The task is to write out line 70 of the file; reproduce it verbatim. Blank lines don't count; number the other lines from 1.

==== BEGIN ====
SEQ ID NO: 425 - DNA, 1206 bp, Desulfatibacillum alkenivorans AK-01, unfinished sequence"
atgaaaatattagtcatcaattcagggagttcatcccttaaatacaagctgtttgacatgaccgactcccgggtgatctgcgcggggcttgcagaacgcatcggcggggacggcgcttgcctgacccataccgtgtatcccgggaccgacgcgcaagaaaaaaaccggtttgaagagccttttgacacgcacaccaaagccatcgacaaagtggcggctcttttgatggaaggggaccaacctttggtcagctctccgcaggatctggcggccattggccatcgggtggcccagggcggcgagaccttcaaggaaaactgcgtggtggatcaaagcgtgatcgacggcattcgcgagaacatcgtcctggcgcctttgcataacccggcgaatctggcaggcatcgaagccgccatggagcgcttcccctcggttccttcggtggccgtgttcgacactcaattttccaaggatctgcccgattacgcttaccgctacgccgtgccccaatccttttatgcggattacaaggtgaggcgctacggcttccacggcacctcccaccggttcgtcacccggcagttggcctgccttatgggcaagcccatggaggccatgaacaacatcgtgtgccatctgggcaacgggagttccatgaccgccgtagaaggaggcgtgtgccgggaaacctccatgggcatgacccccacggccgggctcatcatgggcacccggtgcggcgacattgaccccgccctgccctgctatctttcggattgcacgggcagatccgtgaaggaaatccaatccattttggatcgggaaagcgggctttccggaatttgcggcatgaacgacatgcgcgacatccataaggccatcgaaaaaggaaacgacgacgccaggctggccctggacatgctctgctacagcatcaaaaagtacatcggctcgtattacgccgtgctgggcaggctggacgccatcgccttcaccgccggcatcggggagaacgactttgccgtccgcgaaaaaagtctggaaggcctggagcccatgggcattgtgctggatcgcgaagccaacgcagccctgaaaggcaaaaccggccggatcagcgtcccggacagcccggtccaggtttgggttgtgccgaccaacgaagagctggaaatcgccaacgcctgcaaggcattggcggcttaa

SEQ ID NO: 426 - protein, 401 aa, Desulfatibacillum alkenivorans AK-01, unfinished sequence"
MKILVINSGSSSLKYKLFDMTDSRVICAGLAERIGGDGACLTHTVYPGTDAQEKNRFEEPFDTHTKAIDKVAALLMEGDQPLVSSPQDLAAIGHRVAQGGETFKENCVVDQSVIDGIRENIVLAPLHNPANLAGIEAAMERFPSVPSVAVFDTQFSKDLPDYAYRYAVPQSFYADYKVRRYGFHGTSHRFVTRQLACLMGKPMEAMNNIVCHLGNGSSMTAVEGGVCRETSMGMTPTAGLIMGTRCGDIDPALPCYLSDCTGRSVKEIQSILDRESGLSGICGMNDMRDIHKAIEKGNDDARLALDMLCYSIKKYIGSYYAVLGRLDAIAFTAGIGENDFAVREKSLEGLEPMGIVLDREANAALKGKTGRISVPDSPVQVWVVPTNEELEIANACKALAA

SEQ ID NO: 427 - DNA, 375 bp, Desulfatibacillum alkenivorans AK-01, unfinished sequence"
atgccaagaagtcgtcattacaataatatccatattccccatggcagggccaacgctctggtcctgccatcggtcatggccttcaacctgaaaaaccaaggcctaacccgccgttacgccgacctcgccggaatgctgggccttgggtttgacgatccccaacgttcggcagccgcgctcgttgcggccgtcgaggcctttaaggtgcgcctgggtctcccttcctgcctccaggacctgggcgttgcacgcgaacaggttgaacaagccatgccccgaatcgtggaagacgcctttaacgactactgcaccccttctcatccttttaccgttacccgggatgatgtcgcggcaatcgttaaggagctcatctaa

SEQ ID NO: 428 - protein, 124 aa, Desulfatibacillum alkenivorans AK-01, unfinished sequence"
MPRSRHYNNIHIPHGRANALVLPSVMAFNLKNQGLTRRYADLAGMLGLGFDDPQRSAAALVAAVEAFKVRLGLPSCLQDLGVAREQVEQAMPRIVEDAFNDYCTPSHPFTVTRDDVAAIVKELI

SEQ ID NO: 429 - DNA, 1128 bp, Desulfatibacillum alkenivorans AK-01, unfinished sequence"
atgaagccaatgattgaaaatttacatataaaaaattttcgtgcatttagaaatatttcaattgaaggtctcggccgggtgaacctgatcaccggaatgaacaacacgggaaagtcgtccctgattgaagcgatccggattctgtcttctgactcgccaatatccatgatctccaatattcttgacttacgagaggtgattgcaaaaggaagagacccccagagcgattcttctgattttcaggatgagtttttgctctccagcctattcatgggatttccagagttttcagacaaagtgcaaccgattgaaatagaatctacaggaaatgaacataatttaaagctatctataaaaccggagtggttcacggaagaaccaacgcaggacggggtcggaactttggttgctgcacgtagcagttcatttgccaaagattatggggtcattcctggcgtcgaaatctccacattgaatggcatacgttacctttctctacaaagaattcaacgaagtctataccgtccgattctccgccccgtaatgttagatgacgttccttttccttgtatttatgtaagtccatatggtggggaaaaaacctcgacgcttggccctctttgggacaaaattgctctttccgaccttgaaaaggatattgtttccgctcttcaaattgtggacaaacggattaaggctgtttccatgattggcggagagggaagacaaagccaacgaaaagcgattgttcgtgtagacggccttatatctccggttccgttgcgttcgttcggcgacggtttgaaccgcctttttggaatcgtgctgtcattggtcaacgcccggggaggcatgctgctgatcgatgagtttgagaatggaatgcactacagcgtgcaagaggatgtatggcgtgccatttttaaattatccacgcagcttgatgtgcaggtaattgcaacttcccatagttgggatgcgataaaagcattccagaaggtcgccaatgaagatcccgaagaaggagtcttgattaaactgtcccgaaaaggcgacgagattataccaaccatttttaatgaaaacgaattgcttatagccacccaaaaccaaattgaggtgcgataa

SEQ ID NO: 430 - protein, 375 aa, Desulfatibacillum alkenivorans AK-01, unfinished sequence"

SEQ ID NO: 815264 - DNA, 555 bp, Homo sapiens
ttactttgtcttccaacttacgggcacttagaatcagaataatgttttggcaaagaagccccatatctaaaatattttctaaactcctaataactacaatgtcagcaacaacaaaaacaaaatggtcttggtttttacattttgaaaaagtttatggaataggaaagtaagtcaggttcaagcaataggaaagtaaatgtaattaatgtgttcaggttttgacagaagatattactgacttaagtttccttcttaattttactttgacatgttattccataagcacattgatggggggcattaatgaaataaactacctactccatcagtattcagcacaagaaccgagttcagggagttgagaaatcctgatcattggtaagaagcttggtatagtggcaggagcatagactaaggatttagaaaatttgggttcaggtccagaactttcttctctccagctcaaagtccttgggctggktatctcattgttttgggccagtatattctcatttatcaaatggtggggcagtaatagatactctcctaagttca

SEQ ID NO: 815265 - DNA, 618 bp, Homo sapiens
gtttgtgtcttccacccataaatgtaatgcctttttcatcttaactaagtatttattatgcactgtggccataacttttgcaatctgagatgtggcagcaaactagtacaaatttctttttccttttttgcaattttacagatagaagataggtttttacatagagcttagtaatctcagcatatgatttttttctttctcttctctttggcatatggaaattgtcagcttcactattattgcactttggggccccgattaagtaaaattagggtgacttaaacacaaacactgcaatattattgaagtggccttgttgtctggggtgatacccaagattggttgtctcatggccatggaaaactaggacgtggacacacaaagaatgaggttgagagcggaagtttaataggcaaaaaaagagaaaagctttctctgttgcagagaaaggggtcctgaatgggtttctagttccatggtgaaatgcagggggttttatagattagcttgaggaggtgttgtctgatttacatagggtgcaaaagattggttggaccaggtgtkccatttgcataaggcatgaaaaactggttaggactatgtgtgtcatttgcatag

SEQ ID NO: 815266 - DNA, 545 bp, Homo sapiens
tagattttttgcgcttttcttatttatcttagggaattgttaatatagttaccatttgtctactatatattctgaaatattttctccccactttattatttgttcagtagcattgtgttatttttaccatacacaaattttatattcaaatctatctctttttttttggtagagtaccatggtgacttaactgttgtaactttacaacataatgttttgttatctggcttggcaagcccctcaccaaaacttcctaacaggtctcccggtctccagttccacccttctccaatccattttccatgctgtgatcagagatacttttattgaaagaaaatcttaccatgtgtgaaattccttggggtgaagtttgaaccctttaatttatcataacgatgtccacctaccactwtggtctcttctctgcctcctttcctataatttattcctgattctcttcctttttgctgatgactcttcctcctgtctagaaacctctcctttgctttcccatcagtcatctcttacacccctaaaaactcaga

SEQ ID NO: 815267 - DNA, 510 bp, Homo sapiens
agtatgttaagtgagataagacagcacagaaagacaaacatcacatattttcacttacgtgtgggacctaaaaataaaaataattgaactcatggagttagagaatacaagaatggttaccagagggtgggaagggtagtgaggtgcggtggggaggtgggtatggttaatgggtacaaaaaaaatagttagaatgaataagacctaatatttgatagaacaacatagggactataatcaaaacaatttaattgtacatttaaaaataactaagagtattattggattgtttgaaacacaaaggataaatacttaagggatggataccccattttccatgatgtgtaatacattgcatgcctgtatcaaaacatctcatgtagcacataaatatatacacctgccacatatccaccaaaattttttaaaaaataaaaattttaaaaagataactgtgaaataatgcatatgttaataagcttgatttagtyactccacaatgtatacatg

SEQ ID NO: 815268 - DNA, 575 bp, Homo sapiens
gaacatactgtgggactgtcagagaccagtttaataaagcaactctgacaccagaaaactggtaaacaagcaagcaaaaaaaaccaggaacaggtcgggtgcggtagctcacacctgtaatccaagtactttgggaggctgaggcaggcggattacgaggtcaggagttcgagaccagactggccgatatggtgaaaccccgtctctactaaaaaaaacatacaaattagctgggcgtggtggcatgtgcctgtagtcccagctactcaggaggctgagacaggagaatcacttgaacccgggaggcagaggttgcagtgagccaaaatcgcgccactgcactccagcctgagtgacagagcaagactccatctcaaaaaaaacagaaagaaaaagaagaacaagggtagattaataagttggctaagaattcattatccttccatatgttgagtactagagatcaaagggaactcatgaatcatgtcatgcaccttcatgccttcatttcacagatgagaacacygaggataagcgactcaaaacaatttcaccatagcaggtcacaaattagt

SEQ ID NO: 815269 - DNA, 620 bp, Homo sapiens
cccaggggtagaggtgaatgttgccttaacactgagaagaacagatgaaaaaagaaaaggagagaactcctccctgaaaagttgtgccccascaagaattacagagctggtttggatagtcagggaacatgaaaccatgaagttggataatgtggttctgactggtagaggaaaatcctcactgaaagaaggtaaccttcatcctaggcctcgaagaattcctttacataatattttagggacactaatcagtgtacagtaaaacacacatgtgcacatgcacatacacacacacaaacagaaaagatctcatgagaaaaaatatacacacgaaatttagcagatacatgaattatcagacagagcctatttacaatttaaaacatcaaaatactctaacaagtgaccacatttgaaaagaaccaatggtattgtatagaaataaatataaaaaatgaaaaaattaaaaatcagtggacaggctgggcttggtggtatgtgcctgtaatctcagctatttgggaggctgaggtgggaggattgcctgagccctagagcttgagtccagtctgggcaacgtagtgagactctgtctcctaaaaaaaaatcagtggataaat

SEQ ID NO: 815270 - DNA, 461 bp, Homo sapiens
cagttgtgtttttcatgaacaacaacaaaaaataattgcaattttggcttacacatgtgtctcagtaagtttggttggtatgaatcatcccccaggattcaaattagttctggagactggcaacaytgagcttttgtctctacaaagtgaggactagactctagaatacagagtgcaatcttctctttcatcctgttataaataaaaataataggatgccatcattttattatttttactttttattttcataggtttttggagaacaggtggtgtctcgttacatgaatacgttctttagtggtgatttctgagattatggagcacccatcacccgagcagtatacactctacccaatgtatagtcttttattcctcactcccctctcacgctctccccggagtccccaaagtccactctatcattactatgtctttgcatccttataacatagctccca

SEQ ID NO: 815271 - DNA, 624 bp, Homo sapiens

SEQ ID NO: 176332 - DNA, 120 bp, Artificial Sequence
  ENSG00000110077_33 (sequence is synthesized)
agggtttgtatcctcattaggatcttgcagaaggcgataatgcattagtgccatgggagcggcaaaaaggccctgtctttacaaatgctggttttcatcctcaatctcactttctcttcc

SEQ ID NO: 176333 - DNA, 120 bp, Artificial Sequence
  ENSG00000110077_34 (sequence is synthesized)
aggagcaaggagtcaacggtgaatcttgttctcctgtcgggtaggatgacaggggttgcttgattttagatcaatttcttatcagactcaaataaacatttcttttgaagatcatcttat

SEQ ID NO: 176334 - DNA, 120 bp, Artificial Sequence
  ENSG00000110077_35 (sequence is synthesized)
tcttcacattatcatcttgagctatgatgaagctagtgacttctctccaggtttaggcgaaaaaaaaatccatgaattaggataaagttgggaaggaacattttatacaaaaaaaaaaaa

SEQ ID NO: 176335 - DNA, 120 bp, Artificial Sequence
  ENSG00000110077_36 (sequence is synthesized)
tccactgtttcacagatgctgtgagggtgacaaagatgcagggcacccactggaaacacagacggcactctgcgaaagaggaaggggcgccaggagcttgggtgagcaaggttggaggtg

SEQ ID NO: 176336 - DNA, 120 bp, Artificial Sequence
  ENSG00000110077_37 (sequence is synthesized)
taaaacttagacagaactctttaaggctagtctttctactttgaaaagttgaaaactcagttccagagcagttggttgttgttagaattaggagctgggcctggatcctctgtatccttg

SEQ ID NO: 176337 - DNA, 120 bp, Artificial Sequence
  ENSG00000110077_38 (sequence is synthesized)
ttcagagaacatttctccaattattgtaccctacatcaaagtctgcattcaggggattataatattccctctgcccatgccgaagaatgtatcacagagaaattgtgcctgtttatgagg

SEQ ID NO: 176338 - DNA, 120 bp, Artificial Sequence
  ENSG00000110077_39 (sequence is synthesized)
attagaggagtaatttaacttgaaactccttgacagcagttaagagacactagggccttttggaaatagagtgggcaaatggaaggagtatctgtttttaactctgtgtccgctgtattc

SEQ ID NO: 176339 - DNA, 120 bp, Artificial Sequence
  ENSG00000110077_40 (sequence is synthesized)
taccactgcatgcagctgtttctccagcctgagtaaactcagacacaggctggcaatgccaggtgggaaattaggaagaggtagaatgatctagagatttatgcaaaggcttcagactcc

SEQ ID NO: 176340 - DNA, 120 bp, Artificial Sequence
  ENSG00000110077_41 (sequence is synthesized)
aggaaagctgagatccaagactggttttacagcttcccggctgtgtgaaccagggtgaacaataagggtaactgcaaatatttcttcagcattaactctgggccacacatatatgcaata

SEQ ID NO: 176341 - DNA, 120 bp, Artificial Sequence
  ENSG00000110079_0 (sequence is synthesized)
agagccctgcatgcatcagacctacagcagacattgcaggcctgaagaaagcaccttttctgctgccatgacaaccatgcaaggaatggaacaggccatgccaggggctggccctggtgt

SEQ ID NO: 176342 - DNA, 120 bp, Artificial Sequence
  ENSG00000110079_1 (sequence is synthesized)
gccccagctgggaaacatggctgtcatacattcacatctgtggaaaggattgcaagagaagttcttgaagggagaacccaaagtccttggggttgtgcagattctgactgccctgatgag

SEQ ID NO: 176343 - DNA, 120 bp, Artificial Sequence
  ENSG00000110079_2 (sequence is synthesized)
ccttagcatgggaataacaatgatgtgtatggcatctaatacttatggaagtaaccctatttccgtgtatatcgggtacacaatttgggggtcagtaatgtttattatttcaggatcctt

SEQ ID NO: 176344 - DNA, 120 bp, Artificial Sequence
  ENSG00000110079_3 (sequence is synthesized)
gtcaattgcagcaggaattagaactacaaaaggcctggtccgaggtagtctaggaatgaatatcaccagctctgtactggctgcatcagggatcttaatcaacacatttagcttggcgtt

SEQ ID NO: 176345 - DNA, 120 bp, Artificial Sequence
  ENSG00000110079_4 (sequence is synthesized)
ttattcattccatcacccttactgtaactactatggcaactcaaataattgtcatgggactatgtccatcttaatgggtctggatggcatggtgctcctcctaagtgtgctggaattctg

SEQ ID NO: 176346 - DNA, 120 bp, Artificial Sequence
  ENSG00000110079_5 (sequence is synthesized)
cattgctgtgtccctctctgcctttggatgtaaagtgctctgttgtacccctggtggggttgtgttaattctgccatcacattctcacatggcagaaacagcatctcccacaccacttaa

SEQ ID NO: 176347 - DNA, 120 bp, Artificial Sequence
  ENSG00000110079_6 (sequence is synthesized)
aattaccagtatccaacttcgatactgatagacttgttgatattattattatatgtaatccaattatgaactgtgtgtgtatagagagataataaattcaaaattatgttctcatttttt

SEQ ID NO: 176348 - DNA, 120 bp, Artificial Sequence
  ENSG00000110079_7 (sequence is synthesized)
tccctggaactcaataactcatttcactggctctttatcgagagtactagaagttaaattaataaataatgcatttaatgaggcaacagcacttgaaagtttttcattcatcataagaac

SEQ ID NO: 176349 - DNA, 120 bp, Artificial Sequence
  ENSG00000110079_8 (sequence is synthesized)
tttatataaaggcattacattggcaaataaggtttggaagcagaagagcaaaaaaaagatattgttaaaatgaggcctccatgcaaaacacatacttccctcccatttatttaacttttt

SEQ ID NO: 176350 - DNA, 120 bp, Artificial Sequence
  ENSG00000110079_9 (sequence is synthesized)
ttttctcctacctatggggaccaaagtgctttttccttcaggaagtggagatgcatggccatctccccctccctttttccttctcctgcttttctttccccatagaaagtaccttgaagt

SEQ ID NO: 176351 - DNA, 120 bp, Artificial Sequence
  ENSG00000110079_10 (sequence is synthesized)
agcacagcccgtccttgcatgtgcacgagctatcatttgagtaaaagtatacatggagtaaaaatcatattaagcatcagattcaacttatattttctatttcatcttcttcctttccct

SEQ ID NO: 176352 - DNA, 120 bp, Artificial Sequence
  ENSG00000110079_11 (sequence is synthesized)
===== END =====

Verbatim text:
  ENSG00000110079_5 (sequence is synthesized)